Warning: call_user_func_array() expects parameter 1 to be a valid callback, no array or string given in /home/jpnc/jpnc.org/wp-includes/class-wp-hook.php on line 298

Meetings

Loading...

Archives

Transit-oriented development

Jamaica Plain Neighborhood Council
Guidelines for Equitable Transit Oriented Development for Jamaica Plain
Adopted January 30, 2007; Revised September 18, 2007

Transit oriented development can address environmental, land use, and economic concerns in communities throughout the Commonwealth. It is a complex, challenging, and potentially rewarding development approach that links planning for affordable housing and transportation investment in ways that connect residents to economic and social opportunities. Because any development that revitalizes a town center or urban core can fuel gentrification, the Jamaica Plain Neighborhood Council has adopted a set of principles to guide transit oriented development in the neighborhood that energize communities without displacing the people who live there.

The principles, developed with the local constituencies represented by Action!, serve as guidelines for local governments, regional authorities, the state, residents, and the nonprofits that represent them. Their participation is essential throughout the planning processes that result in new developments. If Massachusetts aligns its public policy to these equity principles, everyone can benefit from equitable transit oriented development. On January 30, 2007, the Jamaica Plain Neighborhood Council (JPNC) voted to adopt the following principles as guidelines for future transit oriented development in Jamaica Plain.

  • Ensure community benefit. Because it taps public investment or regulatory relief, transit oriented development should provide measurable community benefit, including connections to productive employment opportunities, access to public amenities, increase in local affordable housing, affordable housing of sufficient size for families, and enrichment activities and services for area youth.
  • Maintain affordability/inclusionary zoning. Any new development of 10 units or more will include affordable housing consistent with the JPNC’s Inclusionary Zoning Proposal approved by the JPNC on June 29, 2004:  At least 25% of all units in developments of 10 units or more will be affordable to persons earning 80% or less of the area median income (AMI) with the average household income limit of all affordable units being 65% of AMI.  In addition, any new development of 10 units or more on publicly-owned land or land sold by a public entity for the purposes of transit-oriented development will include affordable housing such that:  the percentage of units affordable to those earning 80% AMI or less will be equal to the percentage of Jamaica Plain residents earning 80% AMI or less; or 50% of units will be affordable to persons earning 80% or less of the AMI, whichever number is greater.  In either case, the average household income limit of all affordable units to be 65% of AMI.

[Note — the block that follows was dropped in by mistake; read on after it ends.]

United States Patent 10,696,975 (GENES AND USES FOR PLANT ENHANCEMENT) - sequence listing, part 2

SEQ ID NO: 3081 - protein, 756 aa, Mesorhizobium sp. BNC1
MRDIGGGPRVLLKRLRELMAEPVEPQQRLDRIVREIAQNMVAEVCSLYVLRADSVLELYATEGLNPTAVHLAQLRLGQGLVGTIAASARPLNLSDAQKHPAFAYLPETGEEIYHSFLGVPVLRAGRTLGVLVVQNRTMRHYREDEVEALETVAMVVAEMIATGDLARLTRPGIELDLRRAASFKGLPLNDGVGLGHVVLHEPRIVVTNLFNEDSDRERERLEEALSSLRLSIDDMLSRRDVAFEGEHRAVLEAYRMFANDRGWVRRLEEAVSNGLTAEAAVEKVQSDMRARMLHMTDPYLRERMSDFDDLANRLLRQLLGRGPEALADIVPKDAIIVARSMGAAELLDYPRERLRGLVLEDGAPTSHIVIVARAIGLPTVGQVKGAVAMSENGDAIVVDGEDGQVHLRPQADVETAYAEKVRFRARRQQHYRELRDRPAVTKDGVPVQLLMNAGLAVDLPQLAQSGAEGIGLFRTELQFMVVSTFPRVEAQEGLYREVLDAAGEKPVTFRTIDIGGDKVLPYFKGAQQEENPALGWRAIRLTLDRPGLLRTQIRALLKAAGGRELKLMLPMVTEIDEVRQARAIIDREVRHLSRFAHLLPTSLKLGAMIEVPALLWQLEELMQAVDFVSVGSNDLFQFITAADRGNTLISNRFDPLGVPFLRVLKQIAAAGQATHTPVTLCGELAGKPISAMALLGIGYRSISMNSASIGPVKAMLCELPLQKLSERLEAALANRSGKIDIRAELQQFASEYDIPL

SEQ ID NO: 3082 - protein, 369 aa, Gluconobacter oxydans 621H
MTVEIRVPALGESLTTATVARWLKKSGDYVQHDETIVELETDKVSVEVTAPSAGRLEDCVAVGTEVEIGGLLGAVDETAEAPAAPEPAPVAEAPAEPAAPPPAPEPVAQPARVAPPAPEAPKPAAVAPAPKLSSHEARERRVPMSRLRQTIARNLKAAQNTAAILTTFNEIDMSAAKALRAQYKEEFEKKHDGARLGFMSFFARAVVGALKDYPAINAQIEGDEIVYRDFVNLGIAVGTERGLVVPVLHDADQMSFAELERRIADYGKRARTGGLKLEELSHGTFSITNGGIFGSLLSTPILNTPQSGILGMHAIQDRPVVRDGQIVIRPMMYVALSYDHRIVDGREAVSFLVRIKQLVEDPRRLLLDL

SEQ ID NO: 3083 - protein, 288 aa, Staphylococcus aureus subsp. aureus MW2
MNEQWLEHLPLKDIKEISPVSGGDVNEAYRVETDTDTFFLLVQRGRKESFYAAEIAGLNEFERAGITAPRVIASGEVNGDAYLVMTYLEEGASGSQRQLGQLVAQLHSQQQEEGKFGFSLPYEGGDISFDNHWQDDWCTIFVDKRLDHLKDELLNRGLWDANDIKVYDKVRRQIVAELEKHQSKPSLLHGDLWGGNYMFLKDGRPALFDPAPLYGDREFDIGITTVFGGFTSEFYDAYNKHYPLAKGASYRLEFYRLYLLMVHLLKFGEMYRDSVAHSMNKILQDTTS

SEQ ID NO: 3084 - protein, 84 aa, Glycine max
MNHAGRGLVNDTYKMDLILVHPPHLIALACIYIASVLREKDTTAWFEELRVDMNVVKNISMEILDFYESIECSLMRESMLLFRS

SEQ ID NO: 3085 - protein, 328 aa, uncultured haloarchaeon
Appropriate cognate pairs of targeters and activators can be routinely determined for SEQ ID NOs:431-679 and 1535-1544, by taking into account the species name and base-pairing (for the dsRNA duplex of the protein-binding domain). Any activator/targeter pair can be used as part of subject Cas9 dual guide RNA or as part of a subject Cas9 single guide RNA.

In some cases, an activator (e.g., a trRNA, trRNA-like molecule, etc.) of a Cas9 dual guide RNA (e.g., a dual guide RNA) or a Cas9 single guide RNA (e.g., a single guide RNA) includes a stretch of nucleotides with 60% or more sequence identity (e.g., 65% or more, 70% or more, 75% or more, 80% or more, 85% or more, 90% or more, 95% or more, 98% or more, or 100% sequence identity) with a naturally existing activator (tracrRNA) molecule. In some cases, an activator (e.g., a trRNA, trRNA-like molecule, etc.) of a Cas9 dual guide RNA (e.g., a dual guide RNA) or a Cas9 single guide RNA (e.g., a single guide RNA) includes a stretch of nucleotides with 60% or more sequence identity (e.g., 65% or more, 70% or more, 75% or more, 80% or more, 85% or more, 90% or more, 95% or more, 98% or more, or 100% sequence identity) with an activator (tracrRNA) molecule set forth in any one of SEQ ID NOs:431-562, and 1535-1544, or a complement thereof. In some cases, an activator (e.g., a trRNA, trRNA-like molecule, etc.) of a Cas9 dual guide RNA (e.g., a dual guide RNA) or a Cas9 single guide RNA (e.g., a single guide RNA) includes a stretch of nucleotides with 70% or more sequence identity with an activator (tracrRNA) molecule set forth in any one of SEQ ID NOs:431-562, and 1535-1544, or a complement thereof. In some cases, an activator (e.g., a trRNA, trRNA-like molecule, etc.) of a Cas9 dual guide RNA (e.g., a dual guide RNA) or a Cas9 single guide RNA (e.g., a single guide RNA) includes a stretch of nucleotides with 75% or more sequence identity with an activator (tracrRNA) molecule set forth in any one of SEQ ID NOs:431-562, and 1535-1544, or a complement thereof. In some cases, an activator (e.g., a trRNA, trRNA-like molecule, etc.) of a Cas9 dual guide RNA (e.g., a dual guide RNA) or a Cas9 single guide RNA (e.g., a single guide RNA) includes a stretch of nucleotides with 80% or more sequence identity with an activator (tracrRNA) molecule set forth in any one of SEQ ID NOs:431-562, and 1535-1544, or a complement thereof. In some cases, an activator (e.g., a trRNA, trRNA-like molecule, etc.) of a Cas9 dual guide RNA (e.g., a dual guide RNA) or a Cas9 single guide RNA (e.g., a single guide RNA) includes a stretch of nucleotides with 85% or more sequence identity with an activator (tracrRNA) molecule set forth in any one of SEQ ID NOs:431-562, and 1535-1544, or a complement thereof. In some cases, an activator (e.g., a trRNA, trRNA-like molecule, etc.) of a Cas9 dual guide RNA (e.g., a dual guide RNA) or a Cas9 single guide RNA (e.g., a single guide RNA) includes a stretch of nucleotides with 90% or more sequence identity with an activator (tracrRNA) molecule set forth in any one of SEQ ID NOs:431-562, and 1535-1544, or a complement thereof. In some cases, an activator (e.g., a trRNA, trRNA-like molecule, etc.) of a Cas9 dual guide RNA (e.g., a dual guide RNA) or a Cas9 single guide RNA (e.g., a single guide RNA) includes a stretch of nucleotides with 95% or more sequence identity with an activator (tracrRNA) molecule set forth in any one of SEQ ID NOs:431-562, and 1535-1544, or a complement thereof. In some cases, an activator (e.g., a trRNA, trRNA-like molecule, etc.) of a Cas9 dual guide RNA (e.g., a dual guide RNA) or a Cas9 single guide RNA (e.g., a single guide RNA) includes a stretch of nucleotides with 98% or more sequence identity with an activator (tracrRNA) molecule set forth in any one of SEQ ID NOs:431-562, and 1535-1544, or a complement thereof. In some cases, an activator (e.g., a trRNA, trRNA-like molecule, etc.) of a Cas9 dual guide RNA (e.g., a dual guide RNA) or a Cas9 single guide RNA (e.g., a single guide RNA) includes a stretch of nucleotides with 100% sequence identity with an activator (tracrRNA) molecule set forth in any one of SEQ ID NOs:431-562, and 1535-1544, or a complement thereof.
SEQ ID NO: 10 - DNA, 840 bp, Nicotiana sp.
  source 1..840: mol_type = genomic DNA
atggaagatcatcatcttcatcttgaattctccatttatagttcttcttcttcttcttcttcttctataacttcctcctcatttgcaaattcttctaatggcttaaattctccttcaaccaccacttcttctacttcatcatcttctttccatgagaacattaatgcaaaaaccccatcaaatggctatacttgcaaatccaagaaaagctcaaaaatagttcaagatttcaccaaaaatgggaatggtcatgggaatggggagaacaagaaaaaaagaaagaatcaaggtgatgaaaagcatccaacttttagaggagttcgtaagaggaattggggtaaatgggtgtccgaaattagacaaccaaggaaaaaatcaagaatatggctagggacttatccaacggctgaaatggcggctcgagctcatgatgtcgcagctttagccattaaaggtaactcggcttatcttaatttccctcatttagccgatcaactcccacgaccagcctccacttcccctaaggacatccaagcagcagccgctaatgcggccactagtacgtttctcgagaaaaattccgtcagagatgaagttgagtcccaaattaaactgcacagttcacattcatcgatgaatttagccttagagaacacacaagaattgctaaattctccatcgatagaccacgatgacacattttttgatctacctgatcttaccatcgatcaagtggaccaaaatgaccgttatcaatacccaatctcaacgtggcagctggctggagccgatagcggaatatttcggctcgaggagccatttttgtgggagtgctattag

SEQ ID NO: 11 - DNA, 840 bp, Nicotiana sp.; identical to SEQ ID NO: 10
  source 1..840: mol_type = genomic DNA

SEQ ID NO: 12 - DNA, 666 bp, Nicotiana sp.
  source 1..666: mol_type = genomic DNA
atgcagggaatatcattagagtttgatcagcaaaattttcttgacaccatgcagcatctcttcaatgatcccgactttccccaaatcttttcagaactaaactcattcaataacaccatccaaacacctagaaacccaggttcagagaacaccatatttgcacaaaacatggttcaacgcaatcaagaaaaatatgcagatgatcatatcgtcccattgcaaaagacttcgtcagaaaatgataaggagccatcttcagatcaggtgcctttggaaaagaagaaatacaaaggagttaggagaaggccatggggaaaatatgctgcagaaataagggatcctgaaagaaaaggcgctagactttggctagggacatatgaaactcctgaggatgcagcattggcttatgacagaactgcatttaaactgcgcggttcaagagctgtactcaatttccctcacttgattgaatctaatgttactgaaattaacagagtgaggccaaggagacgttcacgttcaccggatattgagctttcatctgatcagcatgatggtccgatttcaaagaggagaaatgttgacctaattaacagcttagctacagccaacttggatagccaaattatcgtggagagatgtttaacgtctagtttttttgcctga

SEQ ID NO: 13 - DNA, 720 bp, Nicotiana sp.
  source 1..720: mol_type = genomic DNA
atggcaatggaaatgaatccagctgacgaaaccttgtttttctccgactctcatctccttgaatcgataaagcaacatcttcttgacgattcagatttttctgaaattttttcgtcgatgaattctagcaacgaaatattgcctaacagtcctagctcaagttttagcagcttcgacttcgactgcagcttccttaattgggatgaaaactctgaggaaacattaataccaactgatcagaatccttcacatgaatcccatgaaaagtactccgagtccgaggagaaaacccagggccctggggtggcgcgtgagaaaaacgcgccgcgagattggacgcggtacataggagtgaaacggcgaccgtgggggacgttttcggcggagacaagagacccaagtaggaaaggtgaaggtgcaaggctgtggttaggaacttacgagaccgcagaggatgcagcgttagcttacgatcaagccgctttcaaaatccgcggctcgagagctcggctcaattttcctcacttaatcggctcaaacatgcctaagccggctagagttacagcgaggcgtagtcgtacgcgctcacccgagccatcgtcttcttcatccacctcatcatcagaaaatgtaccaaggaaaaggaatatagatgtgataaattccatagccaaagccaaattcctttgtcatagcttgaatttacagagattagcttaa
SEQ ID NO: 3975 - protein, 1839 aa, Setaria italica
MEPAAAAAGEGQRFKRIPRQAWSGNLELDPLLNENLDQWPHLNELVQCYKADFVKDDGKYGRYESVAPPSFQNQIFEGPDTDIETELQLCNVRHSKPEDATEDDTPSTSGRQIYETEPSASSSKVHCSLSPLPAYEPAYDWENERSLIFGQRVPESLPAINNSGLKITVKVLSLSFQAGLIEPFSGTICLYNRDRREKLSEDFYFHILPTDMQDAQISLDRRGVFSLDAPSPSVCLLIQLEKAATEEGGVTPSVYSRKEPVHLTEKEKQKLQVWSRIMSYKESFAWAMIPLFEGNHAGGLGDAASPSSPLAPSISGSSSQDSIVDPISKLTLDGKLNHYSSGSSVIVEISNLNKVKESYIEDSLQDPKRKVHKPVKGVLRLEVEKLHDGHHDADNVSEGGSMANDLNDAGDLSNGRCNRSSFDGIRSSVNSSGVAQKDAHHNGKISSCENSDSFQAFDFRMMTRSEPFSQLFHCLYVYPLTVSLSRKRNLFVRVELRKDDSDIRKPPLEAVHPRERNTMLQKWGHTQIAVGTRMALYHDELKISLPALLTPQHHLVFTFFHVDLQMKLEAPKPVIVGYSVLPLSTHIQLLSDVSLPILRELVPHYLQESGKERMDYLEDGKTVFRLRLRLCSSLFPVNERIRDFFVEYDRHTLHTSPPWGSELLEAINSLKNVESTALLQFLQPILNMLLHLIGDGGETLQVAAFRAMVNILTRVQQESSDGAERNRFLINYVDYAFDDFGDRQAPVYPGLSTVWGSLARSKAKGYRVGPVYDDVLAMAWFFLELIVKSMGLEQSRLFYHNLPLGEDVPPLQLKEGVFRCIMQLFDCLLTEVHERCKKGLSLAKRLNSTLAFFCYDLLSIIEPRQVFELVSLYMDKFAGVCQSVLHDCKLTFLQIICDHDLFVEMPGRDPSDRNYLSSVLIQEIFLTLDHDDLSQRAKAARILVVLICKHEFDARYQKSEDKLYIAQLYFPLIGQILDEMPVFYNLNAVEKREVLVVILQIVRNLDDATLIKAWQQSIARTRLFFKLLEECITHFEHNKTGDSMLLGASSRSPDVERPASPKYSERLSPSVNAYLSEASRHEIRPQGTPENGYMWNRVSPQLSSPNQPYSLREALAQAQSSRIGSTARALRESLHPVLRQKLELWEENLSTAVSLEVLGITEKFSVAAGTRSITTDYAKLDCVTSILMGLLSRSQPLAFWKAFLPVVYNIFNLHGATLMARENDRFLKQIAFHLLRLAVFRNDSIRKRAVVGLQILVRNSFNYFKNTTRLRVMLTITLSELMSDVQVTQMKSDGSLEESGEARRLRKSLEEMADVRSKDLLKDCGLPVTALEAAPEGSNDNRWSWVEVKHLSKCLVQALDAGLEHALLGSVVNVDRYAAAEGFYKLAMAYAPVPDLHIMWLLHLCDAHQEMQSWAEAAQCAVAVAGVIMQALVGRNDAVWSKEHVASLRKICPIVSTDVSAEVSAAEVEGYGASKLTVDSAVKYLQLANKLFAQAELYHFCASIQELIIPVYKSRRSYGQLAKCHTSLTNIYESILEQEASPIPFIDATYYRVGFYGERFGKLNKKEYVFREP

• Prevent displacement. Structure state and local regulations so that transit oriented development enables anyone who wants to remain in the community to do so.
  • Encourage community controlled housing. Priority for state funding should be given to jurisdictions that are working to guarantee that at least 20 percent of housing units within one mile of a transit oriented development will be held in community control as a permanently affordable community asset.
  • Improve environmental quality. Design projects that maximize environmental benefit, reduce automobile trips, measurably improve air quality, and reduce the incidence of health issues related to atmospheric pollution.
  • Promote environmental justice. Prioritize equitable transit oriented development and improved public transit for environmental justice neighborhoods as designated by the Executive Office of Environmental Affairs’ Environmental Justice Policy.
  • Achieve full accessibility. Any development that results from transit investment must be completely accessible to riders regardless of age or physical condition.
  • Boost transit use. Prioritize transit oriented development that increases ridership both for urban and suburban communities that rely heavily on existing public transit and those that have a clear need for greater transit access.
  • Plan for transit growth. Communities embarking on significant development projects must have fully integrated transit options built into their planning, including improved accessibility for riders with disabilities.
  • Encourage local economic development. Land uses resulting from redevelopment near transit should encourage local economic development, effective private partnerships with the nonprofit and public sectors, enhance community-serving establishments, and discourage displacement of existing residents and small businesses.
  • Understand local context. Transit oriented development must take into account regional variations in development patterns and transit modes in different regions of the state.